neither are your ways my ways,"
       declares the LORD.

9 "As the heavens are higher than the earth,
       so are my ways higher than your ways
       and my thoughts than your thoughts.

Gospel Matthew 7

Ask, Seek, Knock

7 "Ask and it will be given to you; seek and you will find; knock and the door will be opened to you. 8 For everyone who asks receives; those who seek find; and to those who knock, the door will be opened.

9 "Which of you, if your son asks for bread, will give him a stone? 10 Or if he asks for a fish, will give him a snake? 11 If you, then, though you are evil, know how to give good gifts to your children, how much more will your Father in heaven give good gifts to those who ask him! 12 So in everything, do to others what you would have them do to you, for this sums up the Law and the Prophets.


Seek the Lord while he may be found. Call on him while he is near. Ask and it will be given you. Seek and you will find. Your Father in heaven will give good gifts to those who ask him.

Today’s readings all about prayer. But do they ring true? Is it your experience that God gives good gifts to those who ask him? Or do you sometimes feel God is not listening, or has other ideas of what is needful?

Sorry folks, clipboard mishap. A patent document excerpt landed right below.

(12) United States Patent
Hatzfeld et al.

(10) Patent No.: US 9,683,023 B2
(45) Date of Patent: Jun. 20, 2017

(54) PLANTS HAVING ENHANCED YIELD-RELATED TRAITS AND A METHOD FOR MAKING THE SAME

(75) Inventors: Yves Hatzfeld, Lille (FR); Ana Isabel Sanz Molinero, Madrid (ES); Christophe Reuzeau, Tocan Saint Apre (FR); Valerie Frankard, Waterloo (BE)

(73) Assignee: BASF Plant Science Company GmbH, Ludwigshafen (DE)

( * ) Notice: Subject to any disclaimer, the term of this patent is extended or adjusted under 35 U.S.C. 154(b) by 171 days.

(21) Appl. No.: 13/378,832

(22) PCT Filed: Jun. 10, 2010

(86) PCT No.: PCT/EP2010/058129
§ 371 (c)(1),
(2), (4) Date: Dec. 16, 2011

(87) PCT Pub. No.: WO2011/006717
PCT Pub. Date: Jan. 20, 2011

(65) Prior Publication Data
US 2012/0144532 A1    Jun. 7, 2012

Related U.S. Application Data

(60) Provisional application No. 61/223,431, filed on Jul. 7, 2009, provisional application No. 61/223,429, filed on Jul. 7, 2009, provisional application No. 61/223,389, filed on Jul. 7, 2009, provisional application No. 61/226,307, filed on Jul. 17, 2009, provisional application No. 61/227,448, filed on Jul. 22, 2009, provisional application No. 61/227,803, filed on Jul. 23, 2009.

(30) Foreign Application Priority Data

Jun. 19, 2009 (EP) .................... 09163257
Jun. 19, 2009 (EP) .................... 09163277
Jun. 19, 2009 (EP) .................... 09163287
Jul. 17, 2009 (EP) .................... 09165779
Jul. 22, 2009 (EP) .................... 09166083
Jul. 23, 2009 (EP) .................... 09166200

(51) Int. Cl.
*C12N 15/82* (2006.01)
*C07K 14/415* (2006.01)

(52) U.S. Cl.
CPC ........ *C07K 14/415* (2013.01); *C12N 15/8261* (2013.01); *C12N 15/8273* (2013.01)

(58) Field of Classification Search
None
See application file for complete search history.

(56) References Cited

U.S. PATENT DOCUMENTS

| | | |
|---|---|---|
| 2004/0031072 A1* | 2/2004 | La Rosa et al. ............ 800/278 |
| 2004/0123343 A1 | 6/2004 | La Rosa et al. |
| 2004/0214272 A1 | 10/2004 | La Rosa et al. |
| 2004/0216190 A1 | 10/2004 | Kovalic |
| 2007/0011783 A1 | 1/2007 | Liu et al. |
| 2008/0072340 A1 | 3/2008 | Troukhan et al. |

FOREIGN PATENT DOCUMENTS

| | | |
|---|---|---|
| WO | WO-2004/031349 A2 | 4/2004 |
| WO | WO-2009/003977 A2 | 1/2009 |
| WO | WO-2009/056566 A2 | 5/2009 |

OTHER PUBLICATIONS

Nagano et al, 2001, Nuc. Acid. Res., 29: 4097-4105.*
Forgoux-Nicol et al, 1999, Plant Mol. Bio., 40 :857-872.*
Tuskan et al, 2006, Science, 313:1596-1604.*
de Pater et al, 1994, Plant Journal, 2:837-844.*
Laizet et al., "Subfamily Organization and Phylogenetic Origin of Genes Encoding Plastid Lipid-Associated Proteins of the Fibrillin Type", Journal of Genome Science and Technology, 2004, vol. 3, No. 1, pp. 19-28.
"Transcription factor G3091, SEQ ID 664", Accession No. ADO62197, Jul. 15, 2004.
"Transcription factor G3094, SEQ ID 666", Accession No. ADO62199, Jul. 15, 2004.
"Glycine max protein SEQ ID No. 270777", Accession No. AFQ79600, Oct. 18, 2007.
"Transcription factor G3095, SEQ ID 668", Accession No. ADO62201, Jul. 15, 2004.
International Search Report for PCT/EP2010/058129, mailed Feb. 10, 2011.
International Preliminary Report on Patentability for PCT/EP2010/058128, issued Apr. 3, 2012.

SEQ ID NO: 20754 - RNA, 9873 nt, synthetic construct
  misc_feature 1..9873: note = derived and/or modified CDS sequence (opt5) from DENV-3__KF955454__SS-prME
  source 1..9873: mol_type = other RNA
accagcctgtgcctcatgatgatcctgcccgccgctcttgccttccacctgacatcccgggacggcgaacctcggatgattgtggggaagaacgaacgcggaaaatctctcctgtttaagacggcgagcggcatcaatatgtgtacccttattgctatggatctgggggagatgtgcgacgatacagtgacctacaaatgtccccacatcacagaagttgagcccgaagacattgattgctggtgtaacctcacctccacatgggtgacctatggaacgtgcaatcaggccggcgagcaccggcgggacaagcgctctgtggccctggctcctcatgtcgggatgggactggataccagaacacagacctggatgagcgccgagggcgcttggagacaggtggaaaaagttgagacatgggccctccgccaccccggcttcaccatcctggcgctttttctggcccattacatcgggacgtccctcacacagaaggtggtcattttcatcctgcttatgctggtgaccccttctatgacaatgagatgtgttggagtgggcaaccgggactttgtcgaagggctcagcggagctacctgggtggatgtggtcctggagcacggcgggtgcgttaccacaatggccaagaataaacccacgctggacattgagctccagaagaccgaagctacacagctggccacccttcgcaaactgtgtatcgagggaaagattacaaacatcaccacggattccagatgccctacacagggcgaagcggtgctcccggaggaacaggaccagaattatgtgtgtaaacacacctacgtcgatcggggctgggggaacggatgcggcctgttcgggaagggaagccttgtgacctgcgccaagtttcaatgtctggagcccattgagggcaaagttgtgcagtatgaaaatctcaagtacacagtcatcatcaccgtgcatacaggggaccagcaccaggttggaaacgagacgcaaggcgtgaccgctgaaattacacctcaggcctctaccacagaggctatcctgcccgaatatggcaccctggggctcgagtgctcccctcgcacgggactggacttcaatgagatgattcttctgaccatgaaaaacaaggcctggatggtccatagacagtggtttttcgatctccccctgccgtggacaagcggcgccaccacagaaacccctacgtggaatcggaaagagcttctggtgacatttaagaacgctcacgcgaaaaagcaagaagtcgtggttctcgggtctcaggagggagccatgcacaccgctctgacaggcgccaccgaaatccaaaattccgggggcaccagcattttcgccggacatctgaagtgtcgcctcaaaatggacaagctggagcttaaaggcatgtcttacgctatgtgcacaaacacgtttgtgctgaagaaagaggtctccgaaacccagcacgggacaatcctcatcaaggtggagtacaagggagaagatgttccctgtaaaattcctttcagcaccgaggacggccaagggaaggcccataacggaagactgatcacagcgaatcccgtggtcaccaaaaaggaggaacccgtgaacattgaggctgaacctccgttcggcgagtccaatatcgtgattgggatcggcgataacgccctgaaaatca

The Isaiah reading is like the Woman Wisdom we read about in Proverbs. Seek the Lord while he may be found are wise words, probably addressed to the whole of Israel rather than to any one individual.

Matthew 7 on the other hand is all about prayer and conduct. It’s part of the Sermon on the Mount. The chapter opens with a warning not to be judgemental. Take out the log in your own eye before you remove the speck in your neighbour’s. Do not give what is holy to the dogs. Do not cast your pearls before swine, or they will trample them in the mud and then turn on you. More wisdom.

Verses 7 – 12 fit into this scheme of things. They are followed by more warnings – about entering the narrow way, avoiding false prophets and the like. So they are not so much about personal prayer or intercession as about the nature of God himself.